Legacy High School in American Canyon will cease to exist as of July, following a decision by the school board last Thursday that left the program’s instructor in tears and facing reassignment, and left unanswered questions over why administrators and the school district didn’t do more to support Legacy High.
“It’s just so painful,” said teacher Michelle McMaster after the meeting on May 3, wiping her eyes and struggling to speak.
McMaster operated Legacy High, a continuation program for at-risk youth, largely by herself for five years on the campus of American Canyon High School.
The Napa Valley Unified School District, which requested Legacy High’s closure due to accreditation issues, plans to offer a similar continuing education model in American Canyon for local at-risk students next fall.
But those students may not have McMaster as their instructor.
McMaster said she was notified on April 24 by NVUSD that she will be working at Vichy Elementary School in the fall, even though she has spent much of her 20-year career teaching high school to at-risk youth.
Legacy High students returning next year will become part of Valley Oak High School, a continuation school in Napa that McMaster taught at before being put in charge of Legacy High in 2013.
The students will receive their education through the new program at ACHS, which will function as a satellite campus for Valley Oak High so the students won’t have to be bused to Napa.
When asked why the district planned to reassign McMaster before the school board decided Legacy High’s fate, district spokesperson Elizabeth Emmett said Monday it was “part of the normal procedure” to ensure McMaster would have a job somewhere in the district next year.
“It doesn’t necessarily mean that’s where she’ll end up,” said Emmett regarding the assignment to Vichy.
NVUSD plans to hire an instructor “with teaching and administrative authorizations,” according to the district’s presentation last Thursday, to run the new continuation program in American Canyon.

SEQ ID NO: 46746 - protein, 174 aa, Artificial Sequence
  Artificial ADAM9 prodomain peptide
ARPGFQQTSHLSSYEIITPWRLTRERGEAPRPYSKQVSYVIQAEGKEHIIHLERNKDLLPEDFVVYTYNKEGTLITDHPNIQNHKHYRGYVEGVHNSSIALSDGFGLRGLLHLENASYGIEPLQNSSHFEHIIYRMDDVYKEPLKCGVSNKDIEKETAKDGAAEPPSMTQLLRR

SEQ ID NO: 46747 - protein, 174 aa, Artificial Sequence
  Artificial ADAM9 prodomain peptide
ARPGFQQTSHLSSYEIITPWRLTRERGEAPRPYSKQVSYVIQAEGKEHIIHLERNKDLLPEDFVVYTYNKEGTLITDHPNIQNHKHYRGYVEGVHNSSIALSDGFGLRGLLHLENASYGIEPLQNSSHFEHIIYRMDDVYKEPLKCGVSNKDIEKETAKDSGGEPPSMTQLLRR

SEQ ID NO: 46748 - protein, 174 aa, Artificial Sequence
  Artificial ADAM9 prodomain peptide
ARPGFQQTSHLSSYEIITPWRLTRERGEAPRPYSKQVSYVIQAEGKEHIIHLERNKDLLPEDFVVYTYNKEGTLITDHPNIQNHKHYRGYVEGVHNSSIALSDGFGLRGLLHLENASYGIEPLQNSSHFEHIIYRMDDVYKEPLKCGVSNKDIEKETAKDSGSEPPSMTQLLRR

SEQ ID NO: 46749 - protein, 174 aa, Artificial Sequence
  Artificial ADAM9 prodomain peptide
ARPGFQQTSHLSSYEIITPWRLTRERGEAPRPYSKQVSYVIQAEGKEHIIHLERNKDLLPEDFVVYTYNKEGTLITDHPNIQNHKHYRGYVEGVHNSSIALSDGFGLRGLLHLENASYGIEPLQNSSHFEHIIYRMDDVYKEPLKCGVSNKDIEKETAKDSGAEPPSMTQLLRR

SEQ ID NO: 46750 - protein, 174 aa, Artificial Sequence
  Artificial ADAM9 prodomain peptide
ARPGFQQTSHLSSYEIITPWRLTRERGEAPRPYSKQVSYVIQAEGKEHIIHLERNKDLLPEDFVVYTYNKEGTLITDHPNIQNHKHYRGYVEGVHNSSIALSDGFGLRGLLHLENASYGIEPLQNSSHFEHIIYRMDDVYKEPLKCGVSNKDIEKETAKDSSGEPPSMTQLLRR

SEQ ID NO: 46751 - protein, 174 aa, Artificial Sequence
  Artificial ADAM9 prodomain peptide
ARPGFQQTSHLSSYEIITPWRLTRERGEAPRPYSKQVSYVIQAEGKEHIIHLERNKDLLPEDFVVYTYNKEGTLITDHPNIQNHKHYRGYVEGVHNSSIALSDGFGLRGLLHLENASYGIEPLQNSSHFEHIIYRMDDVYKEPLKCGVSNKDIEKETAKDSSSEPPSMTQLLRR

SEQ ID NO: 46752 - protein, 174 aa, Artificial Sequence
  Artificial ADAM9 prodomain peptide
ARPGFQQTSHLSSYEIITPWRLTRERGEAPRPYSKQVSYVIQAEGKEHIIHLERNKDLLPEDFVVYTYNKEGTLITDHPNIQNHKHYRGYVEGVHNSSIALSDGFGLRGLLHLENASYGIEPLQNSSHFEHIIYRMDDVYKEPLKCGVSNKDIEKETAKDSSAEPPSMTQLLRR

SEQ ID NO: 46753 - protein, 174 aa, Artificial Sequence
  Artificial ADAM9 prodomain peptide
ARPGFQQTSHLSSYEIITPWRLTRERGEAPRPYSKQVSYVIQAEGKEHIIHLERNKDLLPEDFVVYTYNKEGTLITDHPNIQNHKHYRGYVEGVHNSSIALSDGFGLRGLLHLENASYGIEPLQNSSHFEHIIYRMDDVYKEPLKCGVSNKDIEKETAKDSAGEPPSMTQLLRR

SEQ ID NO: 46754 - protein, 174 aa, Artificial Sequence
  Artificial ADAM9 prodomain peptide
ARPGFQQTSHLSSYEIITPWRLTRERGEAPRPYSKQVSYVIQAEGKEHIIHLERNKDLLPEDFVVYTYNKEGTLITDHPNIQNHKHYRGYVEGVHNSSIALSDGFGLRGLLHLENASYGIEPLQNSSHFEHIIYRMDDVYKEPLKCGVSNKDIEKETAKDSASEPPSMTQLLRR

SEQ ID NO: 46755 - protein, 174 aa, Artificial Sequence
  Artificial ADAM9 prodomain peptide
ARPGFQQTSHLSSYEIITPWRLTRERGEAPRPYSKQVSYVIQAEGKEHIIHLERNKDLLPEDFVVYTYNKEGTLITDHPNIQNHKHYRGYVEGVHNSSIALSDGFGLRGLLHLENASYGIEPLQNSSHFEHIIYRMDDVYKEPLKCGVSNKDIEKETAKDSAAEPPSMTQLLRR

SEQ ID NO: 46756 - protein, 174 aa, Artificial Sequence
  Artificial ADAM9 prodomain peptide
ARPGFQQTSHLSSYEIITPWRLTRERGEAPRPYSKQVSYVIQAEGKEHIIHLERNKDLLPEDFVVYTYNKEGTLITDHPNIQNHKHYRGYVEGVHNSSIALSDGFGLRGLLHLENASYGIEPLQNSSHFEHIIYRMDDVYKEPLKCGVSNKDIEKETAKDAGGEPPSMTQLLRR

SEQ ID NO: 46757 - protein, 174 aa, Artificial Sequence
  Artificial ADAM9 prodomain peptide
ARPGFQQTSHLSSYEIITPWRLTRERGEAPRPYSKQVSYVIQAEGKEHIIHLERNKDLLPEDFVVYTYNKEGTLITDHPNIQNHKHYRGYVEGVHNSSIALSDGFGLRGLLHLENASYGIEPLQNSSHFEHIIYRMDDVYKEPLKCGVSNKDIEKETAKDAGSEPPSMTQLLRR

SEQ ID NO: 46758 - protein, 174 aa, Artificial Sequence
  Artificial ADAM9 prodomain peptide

Officials told McMaster she could apply for the job. She said Monday that she intends to do just that.
McMaster has been praised by current and former students, as well as by parents and teachers for her commitment to helping kids at risk of dropping out to receive their diplomas.
Several school board members acknowledged McMaster’s good work and the importance of her connection with students.
Trustee Thomas Kensok said there had been “a parade” of people at their recent meetings speaking highly of Legacy High and its teacher.
ACHS biology teacher Elizabeth Hawkins said many Legacy High students had taken her classes, and she came away impressed with them.
“These kids went into Miss McMaster’s program as some of the most difficult kids on our campus,” Hawkins told the school board, “and they came out being very respectful, and they come out wanting to learn.”
Trustee Robin Jankiewicz, who abstained from voting on the plan to close Legacy High, expressed concern over how the students will fare going forward without McMaster.
“The piece that concerns me is that these are at-risk kids who have a strong emotional tie to the current instructor,” said Jankiewicz.
Looking in the direction of McMaster seated in the audience, she added: “I want to say thank you for the work that has been done.” Jankiewicz also said she hopes “there’s preservation of a relationship that allows those children to succeed.”
NVUSD decided to close down Legacy High following a visit in March by the Western Association of Schools and Colleges. A committee of educators from outside the school district said WASC couldn’t continue the accreditation of Legacy High because numerous recommendations were never implemented.
Those changes required action either by administrators at American Canyon High School, where Legacy High was based, or by district officials.
Trustee Icela Martin raised the issue of why help never came for Legacy High to fulfill the WASC recommendations.
“I would like to see where we dropped the ball especially from the school district’s side,” said Martin. “I don’t think anybody has really addressed that.”
McMaster said the school board was not “making administration accountable, and the kids are at risk.”
“Administration has not supported the school for five years,” she said. “I’ve done it alone — not that it’s about me. It’s about what I know my students need, and I know given the proper parameters they succeed, and I give that to them.”
“My passion is that school,” she said.